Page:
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Trump says he’ll allow release of Kennedy assassination files

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By Jim Mannion/Agence France Presse

US President Donald Trump said Saturday he will allow long blocked secret files on the assassination of John F Kennedy to be opened to the public for the first time.

The November 22, 1963 assassination — an epochal event in modern US history — has spawned multiple theories challenging the official version that Kennedy was killed a lone gunman, Lee Harvey Oswald.

So the release of all the secret documents has been eagerly anticipated by historians and conspiracy theorists alike.

Trump’s announcement followed reports that not all the files would be released, possibly to protect still relevant intelligence sources and methods.

But Trump appears to have decided otherwise.

“Subject to the receipt of further information, I will be allowing, as President, the long blocked and classified JFK FILES to be opened,” he said in a tweet.

The files are due to be opened in their entirety Thursday, nearly 54 years after Kennedy’s assassination in Dallas — unless the US president decides otherwise.

Millions of classified Kennedy files have been made public under a 1992 law passed in response to a surge in public demand for disclosure in the wake of Oliver Stone’s conspiracy-heavy movie on the assassination.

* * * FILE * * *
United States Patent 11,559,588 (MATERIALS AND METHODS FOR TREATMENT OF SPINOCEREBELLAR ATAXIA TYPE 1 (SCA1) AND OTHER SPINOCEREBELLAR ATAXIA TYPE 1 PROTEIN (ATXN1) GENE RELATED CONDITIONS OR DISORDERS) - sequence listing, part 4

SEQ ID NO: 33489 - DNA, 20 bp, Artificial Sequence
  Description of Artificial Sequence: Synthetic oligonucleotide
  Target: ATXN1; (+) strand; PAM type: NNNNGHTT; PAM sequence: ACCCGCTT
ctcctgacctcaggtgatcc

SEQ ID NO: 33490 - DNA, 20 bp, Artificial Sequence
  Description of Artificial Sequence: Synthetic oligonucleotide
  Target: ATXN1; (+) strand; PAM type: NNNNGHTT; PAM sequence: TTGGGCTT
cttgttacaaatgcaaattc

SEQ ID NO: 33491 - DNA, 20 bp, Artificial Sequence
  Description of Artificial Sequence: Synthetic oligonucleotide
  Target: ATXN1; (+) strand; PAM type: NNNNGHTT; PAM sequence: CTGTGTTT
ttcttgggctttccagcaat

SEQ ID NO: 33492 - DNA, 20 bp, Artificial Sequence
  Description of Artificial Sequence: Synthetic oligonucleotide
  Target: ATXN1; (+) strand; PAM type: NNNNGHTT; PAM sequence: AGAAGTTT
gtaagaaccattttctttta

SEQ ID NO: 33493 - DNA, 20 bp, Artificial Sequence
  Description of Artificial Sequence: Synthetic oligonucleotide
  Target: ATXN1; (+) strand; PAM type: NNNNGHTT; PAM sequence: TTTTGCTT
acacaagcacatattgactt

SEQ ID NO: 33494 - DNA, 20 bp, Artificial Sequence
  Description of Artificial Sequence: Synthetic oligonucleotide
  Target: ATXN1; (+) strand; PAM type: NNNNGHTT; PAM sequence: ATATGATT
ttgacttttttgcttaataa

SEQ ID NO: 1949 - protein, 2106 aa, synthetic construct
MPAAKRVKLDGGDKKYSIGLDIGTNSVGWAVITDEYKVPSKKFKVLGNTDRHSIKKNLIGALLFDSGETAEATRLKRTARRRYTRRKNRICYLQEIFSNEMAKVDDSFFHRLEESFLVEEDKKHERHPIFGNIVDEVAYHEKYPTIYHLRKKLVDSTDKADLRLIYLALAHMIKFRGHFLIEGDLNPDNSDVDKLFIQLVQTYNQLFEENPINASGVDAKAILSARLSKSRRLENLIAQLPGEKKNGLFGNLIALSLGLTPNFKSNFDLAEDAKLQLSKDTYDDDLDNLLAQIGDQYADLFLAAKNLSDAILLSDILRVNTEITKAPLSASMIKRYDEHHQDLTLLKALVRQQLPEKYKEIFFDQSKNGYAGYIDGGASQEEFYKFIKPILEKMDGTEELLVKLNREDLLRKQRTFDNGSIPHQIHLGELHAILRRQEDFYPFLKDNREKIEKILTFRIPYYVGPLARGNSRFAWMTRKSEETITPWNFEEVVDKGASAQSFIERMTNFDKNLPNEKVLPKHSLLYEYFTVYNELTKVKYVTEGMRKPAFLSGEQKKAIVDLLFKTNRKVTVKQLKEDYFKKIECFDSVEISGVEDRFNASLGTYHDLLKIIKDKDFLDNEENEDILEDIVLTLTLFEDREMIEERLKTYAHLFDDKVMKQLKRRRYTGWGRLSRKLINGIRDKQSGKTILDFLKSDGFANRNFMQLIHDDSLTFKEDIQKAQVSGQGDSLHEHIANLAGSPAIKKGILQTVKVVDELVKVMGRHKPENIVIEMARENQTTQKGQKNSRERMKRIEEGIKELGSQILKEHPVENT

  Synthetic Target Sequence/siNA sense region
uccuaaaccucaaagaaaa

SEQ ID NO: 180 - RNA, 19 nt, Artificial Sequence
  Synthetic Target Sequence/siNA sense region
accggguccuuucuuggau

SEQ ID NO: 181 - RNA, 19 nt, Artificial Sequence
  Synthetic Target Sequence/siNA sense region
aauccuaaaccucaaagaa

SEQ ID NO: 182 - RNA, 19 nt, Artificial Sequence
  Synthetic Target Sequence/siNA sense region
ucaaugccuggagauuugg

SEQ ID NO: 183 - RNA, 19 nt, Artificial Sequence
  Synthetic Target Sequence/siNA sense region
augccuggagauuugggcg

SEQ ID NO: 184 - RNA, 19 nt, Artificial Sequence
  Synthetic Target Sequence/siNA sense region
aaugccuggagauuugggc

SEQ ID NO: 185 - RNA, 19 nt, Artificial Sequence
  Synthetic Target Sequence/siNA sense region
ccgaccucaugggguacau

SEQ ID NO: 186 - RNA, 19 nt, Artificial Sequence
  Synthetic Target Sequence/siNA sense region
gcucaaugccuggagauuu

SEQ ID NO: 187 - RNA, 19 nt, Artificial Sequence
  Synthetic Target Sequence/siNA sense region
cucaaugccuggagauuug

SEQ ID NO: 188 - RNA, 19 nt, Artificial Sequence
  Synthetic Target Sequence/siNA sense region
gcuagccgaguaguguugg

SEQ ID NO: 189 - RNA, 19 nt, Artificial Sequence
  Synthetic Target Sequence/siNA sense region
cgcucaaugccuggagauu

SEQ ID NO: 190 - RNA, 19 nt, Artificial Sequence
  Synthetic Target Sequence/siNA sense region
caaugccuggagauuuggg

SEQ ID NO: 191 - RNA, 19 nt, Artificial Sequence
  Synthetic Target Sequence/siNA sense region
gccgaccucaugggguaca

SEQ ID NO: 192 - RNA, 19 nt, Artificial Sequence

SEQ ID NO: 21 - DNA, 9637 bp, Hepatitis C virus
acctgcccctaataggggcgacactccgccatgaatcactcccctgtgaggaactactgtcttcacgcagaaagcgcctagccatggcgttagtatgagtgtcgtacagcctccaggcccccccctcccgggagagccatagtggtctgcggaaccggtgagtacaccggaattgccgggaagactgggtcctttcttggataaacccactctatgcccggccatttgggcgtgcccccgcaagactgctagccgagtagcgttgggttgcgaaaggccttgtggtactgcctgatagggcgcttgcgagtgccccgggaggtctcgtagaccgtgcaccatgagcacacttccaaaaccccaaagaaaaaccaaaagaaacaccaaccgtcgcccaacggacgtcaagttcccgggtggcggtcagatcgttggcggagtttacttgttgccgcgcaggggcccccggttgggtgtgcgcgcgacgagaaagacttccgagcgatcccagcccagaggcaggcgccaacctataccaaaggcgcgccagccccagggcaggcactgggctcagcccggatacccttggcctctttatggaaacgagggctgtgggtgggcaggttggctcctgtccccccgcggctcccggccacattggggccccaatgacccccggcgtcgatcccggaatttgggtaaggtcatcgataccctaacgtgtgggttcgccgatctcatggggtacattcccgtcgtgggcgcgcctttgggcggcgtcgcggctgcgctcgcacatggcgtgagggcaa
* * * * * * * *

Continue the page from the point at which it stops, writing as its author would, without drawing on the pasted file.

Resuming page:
But the law placed a 25-year hold on a small percentage of the files that expires October 26.

Some reports put the number withheld at 3,100. Tens of thousands of files that had been released with portions blacked out are also set to be fully declassified.

“The president believes that these documents should be made available in the interests of full transparency, unless agencies provide a compelling and clear national security or law enforcement justification otherwise,” a White House official said.

– Traumatic turning point –
Kennedy was the fourth US president to be cut down by an assassin’s bullets, and his death at age 46 proved a traumatic turning point as the United States headed into a period of turbulence over civil rights and the Vietnam War.

The shocking images of Jacqueline Kennedy cradling her mortally wounded husband in the back of an open presidential limousine froze the moment in the public consciousness.

A 10-month investigation led by then Supreme Court chief justice Earl Warren concluded that Oswald, a former Marine who had lived in the Soviet Union, acted alone when he fired on Kennedy’s motorcade, hitting the president with two shots, one through the upper back and the other in the head.

Oswald, arrested two hours later after murdering a Dallas police officer, was shot to death two days later by nightclub owner Jack Ruby as he was being transferred from the city jail.

The Warren commission’s finding was challenged in 1979 by a special House investigative committee that concluded Kennedy was “probably assassinated as a result of a conspiracy,” and that there were likely two shooters.